The problem with taking photos at a classic car gathering is not just the hordes of people who jostle your elbow or wander absent-mindedly into the frame.
Even when you get there before anyone else, there are far too many polished surfaces: you end up as the main feature of at least half the pictures you take, which might not be quite so bad if the surfaces didn’t act as distorting mirrors.
Another problem is that too many of the cars there are altogether too familiar and you start to reminisce…
You remember the glamorous couple who’d park their cars on the road you grew up on: she drove a lilac E-type Jag and he drove a Chevrolet; then the Chemistry teacher you had a crush on, who once drove you home from school the long way round in his battered Triumph Herald and made the most improper suggestions; a couple of years later, there was another Triumph: the lad with the little red sports car who faithfully drove you to and from lectures at university just because you had the nerve to ask him to… You remember hand cranking the Morris Minor – known as Ermintrude because she was a cow – when she gave up the ghost on the inhospitable limestone landscape of World’s End; and the day the amateur dramatics society drove out en masse from London to a picnic at someone’s private windmill in a convoy of classic Rolls Royces; the American friend who named his daughter Shelby after his car; the friend with the classic Morgan soft-top and that mad drive along the PCH just to buy ice creams in Laguna Beach…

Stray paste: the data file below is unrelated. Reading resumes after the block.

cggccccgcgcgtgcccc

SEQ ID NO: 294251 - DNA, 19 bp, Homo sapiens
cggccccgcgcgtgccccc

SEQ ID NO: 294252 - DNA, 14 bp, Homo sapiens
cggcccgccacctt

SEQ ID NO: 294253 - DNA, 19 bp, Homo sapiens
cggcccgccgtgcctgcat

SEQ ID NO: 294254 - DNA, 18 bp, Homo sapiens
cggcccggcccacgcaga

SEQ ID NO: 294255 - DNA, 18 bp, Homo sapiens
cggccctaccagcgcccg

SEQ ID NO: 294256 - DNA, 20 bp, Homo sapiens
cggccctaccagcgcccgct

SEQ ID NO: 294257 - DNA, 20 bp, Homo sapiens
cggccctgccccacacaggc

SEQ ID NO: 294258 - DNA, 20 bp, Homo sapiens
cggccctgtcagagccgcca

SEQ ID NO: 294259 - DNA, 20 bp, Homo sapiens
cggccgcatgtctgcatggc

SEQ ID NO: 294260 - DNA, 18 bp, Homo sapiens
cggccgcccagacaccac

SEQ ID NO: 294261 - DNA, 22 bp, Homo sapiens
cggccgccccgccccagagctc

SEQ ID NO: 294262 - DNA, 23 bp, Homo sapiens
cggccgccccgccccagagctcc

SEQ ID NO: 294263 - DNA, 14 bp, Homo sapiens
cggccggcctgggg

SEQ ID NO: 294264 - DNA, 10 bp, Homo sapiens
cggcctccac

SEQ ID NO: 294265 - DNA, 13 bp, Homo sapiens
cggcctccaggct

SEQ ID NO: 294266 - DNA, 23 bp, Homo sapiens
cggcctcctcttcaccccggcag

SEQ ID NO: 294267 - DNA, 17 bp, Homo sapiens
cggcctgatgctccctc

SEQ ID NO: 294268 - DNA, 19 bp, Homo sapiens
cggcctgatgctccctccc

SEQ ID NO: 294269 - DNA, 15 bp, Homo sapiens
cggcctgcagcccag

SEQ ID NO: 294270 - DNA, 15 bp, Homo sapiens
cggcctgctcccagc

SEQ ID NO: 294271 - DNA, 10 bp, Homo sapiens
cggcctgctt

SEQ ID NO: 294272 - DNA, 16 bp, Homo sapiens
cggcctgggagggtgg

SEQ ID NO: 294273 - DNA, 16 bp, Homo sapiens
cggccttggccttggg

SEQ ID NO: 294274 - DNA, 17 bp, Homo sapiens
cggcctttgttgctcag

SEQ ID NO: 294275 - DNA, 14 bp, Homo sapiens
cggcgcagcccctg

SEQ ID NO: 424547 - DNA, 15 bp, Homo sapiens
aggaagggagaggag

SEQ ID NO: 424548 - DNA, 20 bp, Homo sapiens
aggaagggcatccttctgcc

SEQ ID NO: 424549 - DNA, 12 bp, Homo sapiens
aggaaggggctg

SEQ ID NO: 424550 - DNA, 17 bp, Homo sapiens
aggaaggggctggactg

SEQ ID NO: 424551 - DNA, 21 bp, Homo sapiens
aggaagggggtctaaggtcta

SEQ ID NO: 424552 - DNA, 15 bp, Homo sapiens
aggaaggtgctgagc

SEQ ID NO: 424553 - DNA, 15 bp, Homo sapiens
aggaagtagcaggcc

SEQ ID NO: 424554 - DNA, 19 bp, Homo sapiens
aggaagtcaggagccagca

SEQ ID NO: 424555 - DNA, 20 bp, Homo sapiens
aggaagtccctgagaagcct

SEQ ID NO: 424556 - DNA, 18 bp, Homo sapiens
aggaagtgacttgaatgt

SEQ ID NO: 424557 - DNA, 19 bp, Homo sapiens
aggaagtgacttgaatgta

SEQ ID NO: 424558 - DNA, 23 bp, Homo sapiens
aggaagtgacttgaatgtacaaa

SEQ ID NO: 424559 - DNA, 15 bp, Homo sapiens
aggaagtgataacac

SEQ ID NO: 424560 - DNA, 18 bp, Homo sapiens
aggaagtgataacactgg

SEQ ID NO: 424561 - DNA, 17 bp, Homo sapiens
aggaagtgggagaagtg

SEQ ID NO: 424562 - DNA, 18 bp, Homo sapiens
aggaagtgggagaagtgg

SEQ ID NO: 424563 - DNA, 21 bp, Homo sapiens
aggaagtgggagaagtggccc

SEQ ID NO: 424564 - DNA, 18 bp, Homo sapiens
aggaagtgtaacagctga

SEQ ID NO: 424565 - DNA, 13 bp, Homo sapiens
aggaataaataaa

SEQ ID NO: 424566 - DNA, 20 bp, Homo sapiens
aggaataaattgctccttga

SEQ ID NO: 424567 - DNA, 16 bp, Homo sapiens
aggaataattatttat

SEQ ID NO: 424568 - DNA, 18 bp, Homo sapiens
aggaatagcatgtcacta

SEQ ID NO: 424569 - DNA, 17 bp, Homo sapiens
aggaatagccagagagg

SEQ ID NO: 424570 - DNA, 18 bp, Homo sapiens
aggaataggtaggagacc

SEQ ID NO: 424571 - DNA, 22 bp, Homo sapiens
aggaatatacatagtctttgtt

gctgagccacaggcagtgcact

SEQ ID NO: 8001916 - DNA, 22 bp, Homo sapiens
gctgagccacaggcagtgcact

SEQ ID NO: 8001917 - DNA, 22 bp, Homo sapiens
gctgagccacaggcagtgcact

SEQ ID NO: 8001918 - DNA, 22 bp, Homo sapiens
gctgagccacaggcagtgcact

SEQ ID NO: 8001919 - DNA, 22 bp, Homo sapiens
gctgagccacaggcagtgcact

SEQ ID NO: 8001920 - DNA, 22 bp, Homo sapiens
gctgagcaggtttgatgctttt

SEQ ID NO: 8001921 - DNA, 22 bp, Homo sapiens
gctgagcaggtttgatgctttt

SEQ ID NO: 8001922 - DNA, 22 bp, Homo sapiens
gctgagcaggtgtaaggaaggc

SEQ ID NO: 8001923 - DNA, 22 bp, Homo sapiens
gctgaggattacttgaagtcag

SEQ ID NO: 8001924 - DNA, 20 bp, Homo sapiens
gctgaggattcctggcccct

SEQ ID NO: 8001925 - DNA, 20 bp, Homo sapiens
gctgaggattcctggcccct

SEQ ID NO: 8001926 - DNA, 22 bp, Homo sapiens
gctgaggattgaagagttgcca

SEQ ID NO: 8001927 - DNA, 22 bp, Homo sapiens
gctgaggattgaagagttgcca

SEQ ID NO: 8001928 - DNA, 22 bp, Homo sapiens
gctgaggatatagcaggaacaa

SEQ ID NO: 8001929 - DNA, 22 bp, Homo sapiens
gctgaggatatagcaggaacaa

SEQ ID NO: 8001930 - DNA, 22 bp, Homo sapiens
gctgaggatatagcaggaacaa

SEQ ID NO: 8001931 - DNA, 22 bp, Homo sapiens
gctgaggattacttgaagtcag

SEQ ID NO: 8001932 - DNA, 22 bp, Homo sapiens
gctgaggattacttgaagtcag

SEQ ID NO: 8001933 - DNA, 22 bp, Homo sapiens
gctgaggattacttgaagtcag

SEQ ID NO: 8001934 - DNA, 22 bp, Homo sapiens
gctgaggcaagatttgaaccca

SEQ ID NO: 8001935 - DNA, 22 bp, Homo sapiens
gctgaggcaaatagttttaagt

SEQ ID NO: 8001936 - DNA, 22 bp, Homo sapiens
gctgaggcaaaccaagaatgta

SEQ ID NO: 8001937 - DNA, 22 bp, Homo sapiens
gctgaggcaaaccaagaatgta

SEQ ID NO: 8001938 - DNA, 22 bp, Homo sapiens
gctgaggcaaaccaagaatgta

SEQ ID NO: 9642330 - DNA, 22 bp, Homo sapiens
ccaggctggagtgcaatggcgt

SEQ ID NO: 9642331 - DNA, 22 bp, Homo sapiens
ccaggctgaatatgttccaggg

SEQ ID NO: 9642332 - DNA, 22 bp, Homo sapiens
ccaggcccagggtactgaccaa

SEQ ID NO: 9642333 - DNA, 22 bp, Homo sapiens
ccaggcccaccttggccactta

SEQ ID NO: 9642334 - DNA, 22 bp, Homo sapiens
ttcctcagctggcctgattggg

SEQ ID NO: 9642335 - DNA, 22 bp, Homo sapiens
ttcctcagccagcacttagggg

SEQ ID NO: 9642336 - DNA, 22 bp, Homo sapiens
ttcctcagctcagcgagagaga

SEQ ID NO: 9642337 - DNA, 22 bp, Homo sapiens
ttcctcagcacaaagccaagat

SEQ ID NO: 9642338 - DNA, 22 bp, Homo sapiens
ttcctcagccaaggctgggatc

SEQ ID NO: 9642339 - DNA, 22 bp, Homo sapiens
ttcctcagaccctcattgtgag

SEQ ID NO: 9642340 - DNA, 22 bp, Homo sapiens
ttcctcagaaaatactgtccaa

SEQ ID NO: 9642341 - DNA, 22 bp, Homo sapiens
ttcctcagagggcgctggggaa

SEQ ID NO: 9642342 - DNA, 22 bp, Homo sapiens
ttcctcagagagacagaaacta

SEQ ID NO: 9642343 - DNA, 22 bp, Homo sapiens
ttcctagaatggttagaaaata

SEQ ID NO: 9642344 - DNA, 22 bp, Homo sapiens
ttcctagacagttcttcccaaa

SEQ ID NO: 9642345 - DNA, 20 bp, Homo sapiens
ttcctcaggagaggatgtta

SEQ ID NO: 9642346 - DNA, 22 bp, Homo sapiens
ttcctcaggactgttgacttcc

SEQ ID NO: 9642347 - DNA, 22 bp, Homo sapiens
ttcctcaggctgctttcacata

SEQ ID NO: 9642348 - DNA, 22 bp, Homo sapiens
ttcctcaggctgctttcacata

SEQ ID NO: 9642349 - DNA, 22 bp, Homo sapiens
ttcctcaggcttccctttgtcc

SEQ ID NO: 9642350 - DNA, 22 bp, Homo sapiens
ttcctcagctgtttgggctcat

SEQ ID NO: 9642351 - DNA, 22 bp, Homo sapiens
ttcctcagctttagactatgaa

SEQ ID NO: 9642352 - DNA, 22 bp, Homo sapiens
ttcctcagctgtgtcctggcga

For someone who claims little interest in cars, I have far too many memories – some of which may even be true!
Anyway, the only way to make a successful blog post from the photographs is to do what the title says and square the circle: to crop in and focus on the steering wheels. If you make it to the bottom of the post, you’ll find a relevant poem.
High-beam headlights reveal
glimpses of the road ahead
ribboning grey into the dark.
To the north, a belisha globe rises
behind mountains made ragged
by pines. He says, “I’ve driven
to the moon and back three times
at least.” I watch his hands
on the wheel and hope
he’ll take me with him
For anyone who cares about the workings of poetry, I posted an earlier version of this few years ago in the post Dissecting a moondream, when it had got stuck in a rut and I couldn’t shake it free. There I point out some of the things I knew were wrong at the time. I think this version resolves at least some of them.
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